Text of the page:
So what did the study show? While there is not room to present all the results of their study, the relevant information is presented below. To the question, "Are you comfortable with the size and shape of your breasts without a bra?" 18% of the Standard (non-cancer) group responded yes, while only 5% of the Cancer group responded yes. "Do you select bras to shape or accentuate your breasts?" Standard group: 74% yes; Cancer group: 87% yes. "Other than price, what is the most important feature you look for when buying a bra?" Standard group: 30% appearance; 51% comfort; Cancer group: 62% appearance; 25% comfort. 3

This first set of questions shows that the selection of bras to enhance appearance was more important to the group that had been diagnosed with breast cancer. A bra that enhances appearance must, by necessity, squeeze and pull the breast tissue into position. One would expect this shaping to be evidenced by discomfort or red indentations on the skin.

"Does your bra ever make red marks on your skin or cause irritations?"

Standard group: 23% always; Cancer group: 40% always.
The red marks are a clear indication that the lymphatic vessels are being constricted just below the skin and unable to perform their job of cleansing the breast tissue.

"How long do you wear your bra each day on the average?"

Standard group: 20% less than 12 hours daily, 80% more than 12 hours. Cancer group: 1% less than 12 hours daily, 99% more than 12 hours.

"Do you wear a bra or breast-supporting garment to sleep?"

Standard group: 3% yes; Cancer group, 18% yes. 4
One might expect that the longer the lymph vessels are constricted, the longer the toxins will be in contact with the breast tissue and hence the higher the likelihood of breast cancer.

So how do these survey results relate to the chance of developing breast cancer? The average white American woman wears her bra for more than 12 hours a day. From the survey results the authors have determined that, "The average white American woman is 19 times more likely to develop breast cancer than is a woman who wears a bra for less than twelve hours daily." Remember that some of these women claimed not to wear bras at all. In the sub-group of women who do wear bras, "women who wear bras for over twelve hours daily, but not to sleep, have a 21-fold greater chance of developing breast cancer than do women who remove their bras before twelve hours." 5

Remember that nearly 20% of the population wear a bra to bed, meaning the bra is constricting their breasts essentially 24 hours a day. The researchers write, "When we compare those women who wear their bras for less than twelve hours a day to those who wear them twenty-four hours a day, we see an enormous and extremely significant difference in breast cancer rates. Women who wear their bras all the time have a 113-fold increase in breast cancer incidence when compared with women who wear their bras less than twelve hours daily!"6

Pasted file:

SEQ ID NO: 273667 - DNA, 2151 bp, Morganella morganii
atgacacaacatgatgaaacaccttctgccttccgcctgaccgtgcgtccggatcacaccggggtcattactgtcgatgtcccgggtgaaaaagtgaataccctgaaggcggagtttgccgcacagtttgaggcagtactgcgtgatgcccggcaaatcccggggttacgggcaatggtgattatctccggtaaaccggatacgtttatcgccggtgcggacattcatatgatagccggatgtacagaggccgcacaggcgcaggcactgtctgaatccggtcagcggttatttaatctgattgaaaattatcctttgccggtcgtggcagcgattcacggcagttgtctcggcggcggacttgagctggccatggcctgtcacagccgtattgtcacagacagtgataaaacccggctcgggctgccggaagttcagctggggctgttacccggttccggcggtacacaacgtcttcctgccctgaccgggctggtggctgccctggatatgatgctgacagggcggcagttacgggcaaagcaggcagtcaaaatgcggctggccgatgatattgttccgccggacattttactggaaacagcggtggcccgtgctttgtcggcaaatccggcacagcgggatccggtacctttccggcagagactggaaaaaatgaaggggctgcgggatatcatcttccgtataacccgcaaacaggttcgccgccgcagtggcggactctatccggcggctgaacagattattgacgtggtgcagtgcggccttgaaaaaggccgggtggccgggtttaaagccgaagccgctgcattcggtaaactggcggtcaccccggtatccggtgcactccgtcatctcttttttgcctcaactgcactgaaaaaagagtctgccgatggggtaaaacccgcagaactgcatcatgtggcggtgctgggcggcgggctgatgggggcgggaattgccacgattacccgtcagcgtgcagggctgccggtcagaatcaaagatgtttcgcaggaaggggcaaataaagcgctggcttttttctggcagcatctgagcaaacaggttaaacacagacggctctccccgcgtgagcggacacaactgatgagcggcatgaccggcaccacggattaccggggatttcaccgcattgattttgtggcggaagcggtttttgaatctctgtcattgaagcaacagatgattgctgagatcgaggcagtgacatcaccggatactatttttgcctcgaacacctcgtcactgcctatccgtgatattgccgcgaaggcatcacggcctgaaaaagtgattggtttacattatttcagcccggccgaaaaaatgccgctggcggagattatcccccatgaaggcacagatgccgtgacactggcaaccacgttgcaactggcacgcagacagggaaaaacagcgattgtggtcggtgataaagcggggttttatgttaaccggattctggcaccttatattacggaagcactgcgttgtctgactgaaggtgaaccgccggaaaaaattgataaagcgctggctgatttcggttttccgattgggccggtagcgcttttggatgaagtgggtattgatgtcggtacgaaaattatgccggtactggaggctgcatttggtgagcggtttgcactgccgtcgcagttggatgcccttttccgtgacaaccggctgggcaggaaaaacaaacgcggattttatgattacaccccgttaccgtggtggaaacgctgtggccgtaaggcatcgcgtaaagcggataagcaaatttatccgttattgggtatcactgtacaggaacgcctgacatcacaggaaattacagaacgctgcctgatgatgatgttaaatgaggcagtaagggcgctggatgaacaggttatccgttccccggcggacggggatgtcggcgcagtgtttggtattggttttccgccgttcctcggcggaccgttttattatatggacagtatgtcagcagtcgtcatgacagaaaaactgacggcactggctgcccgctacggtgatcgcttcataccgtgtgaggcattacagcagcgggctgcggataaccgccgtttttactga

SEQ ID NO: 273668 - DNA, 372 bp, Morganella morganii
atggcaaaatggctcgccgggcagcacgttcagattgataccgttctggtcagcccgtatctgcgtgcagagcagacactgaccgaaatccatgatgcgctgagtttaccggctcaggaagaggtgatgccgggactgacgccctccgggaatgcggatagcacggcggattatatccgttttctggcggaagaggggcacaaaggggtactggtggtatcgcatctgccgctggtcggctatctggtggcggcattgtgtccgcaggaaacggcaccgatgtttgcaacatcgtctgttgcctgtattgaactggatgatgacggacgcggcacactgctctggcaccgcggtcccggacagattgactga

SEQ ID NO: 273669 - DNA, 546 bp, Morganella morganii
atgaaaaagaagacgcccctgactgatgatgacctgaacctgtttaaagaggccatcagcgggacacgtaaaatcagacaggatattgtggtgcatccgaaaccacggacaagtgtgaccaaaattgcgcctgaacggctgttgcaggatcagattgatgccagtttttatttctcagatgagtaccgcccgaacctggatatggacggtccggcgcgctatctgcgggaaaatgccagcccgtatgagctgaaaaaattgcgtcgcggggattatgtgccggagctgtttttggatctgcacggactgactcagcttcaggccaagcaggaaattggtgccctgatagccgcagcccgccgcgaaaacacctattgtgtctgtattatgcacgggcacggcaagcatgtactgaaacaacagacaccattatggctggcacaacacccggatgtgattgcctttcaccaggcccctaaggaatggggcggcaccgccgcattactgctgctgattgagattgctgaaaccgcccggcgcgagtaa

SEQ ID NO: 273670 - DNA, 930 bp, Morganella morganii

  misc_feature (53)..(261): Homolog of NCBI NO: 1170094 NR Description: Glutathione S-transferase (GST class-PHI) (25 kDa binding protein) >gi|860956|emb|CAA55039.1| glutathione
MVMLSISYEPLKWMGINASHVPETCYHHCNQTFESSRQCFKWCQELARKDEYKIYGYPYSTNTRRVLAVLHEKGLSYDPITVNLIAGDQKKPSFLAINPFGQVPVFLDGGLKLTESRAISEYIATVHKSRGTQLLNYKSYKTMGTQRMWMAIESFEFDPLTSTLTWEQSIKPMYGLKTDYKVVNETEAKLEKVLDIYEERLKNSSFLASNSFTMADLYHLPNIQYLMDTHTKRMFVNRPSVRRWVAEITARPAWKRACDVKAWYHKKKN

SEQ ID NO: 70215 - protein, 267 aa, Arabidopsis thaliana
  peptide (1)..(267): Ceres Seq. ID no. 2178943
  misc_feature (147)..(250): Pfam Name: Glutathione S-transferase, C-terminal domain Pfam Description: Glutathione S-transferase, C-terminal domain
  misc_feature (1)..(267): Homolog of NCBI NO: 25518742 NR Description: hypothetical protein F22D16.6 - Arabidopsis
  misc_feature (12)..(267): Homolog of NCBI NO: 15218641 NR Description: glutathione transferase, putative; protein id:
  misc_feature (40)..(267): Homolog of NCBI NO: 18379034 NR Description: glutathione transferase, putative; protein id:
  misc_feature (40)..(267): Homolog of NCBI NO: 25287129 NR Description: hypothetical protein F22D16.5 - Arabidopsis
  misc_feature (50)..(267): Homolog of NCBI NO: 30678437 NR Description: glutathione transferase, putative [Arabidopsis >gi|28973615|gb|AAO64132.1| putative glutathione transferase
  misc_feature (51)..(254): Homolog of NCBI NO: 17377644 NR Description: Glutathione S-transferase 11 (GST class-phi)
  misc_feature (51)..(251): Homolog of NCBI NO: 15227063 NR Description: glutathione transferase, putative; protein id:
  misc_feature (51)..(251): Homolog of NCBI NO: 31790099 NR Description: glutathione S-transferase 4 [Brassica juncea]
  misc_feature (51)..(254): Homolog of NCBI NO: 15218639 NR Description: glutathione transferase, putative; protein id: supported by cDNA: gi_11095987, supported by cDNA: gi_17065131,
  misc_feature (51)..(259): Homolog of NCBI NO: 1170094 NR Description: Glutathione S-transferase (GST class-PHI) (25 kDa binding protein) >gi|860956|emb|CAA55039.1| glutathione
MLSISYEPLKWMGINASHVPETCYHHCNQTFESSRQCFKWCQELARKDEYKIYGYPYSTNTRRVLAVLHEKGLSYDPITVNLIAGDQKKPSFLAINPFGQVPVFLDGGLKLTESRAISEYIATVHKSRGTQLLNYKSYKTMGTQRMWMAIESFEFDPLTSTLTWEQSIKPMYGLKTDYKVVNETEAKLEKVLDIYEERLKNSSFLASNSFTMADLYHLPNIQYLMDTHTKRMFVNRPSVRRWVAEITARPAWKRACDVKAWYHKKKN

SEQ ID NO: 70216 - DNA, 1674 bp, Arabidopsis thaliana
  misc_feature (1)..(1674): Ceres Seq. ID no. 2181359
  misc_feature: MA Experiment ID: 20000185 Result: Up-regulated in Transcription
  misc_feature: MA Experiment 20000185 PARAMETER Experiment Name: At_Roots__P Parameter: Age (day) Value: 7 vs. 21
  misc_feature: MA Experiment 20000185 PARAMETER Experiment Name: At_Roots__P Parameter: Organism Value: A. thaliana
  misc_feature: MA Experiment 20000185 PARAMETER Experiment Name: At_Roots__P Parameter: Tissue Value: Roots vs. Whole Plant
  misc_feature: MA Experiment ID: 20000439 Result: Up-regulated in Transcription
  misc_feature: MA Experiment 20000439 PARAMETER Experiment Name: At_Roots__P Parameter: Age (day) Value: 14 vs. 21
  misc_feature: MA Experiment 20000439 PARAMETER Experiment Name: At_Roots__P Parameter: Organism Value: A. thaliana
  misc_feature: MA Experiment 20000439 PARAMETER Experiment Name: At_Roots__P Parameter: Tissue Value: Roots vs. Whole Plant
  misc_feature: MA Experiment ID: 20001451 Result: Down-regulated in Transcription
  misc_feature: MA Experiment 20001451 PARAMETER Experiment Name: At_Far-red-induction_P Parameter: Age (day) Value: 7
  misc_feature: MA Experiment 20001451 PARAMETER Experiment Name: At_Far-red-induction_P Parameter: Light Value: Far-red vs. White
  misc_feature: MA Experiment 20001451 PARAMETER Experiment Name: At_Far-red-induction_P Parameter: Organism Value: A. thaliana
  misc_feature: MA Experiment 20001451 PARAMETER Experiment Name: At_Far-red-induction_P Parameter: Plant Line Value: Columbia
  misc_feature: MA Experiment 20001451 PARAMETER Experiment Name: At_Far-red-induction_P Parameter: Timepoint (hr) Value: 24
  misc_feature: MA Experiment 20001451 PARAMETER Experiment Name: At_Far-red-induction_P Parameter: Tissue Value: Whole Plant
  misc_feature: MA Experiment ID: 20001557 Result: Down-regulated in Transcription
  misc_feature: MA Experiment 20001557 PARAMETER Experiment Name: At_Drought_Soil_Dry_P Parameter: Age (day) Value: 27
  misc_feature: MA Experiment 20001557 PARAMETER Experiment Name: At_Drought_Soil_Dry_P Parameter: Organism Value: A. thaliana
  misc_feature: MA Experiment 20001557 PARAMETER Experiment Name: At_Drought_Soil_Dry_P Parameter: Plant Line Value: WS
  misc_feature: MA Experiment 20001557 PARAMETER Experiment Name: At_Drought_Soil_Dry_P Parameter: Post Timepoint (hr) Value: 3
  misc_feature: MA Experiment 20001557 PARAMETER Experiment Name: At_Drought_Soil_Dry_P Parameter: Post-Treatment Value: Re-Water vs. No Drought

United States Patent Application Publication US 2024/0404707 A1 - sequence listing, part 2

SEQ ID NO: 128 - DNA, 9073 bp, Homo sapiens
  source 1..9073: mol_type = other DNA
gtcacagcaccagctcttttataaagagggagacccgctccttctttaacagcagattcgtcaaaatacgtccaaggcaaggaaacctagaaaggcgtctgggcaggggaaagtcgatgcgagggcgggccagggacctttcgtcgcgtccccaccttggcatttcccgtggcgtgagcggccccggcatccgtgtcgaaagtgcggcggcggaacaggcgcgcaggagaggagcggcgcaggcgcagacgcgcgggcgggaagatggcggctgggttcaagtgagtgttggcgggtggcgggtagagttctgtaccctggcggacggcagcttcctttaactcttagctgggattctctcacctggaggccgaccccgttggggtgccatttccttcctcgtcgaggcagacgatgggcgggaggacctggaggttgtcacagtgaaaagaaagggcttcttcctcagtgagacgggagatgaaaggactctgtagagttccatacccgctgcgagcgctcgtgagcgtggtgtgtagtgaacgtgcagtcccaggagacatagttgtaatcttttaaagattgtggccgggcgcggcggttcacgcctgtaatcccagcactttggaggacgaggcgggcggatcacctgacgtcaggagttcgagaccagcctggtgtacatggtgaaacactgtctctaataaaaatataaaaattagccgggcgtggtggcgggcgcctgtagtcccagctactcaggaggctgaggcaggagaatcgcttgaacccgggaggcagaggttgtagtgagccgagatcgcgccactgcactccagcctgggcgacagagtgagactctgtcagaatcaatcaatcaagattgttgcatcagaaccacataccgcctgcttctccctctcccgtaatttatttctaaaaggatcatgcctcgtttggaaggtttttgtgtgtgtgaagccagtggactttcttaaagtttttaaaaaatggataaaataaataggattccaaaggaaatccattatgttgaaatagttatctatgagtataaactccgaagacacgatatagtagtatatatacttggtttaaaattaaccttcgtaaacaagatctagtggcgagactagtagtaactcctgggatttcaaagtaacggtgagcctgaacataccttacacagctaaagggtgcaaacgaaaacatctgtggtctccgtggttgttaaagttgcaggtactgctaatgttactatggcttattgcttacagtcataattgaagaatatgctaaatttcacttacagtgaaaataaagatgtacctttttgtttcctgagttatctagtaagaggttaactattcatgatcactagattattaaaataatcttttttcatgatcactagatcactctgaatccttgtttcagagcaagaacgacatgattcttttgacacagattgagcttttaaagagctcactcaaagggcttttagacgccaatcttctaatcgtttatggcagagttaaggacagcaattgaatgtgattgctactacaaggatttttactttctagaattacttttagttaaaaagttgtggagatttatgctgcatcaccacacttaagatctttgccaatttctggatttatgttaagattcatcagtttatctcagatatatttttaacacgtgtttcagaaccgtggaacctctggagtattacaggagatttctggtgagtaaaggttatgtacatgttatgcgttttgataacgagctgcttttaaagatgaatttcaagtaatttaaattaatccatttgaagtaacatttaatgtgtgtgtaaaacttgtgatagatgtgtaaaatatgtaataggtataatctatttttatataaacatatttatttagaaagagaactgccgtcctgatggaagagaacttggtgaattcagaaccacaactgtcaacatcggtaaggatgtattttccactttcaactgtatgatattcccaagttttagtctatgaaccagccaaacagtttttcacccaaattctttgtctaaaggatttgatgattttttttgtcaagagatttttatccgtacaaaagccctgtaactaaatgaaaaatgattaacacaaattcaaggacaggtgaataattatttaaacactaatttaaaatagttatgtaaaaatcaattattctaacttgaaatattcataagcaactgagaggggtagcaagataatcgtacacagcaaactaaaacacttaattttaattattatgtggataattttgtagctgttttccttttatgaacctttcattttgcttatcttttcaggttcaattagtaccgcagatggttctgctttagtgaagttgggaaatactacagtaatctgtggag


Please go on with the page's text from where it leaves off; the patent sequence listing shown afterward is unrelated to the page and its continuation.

So how do these numbers relate to the real world? The risk of developing lung cancer by smoking cigarettes is about 10 to 30 times higher than for people who don't smoke. The risk of developing breast cancer by wearing a bra more than 12 hours a day is 21 times higher than for women who remove their bra before that 12 hours. Wearing a bra is equivalent to smoking cigarettes as a cancer risk!

What is the price of fashion? Are the fashion demands of western culture killing our women? Have women become addicted to this under garment? Smoking is for many a chemical addiction. Stopping can be physically challenging. Bra-wearing is a psychological addiction, or hopefully, just a habit for you. You can reduce your cancer risk by dispensing with this one garment. By properly selecting your outer garments, no one but you will notice.

Dare to try this for just one week. Choose your outfits to be comfortable, bra-less, but not revealing. I know you will feel strange at first, but stick with it. See if any one notices. (They won't.) See if you don't feel much more comfortable at the end of the week. (You will.) And best of all, you will have the peace of mind that the toxins, attempting to do damage in your breasts are being naturally removed by a properly operating lymphatic system. You can't guarantee that breast cancer will never shatter your life. But you can reduce your risk, simply by changing your clothes!

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1 Sydney Ross Singer and Soma Grismaijer, "Dressed To Kill: The Link Between Breast Cancer and Bras" Second Edition (2018,Square One Publishers Inc., Garden City Park, NY 11040).
2 Ibid. p. 73.
3 Ibid. p. 85 - 87.
4 Ibid. p.91 - 96.
5 Ibid. p. 103.
6 Ibid. p. 103.

Article copyright 1996, Jeff Rockel, All Rights Reserved. Duplication permitted in its entirety
Footnotes updated to match Second Edition by Ken L. Smith, July 2018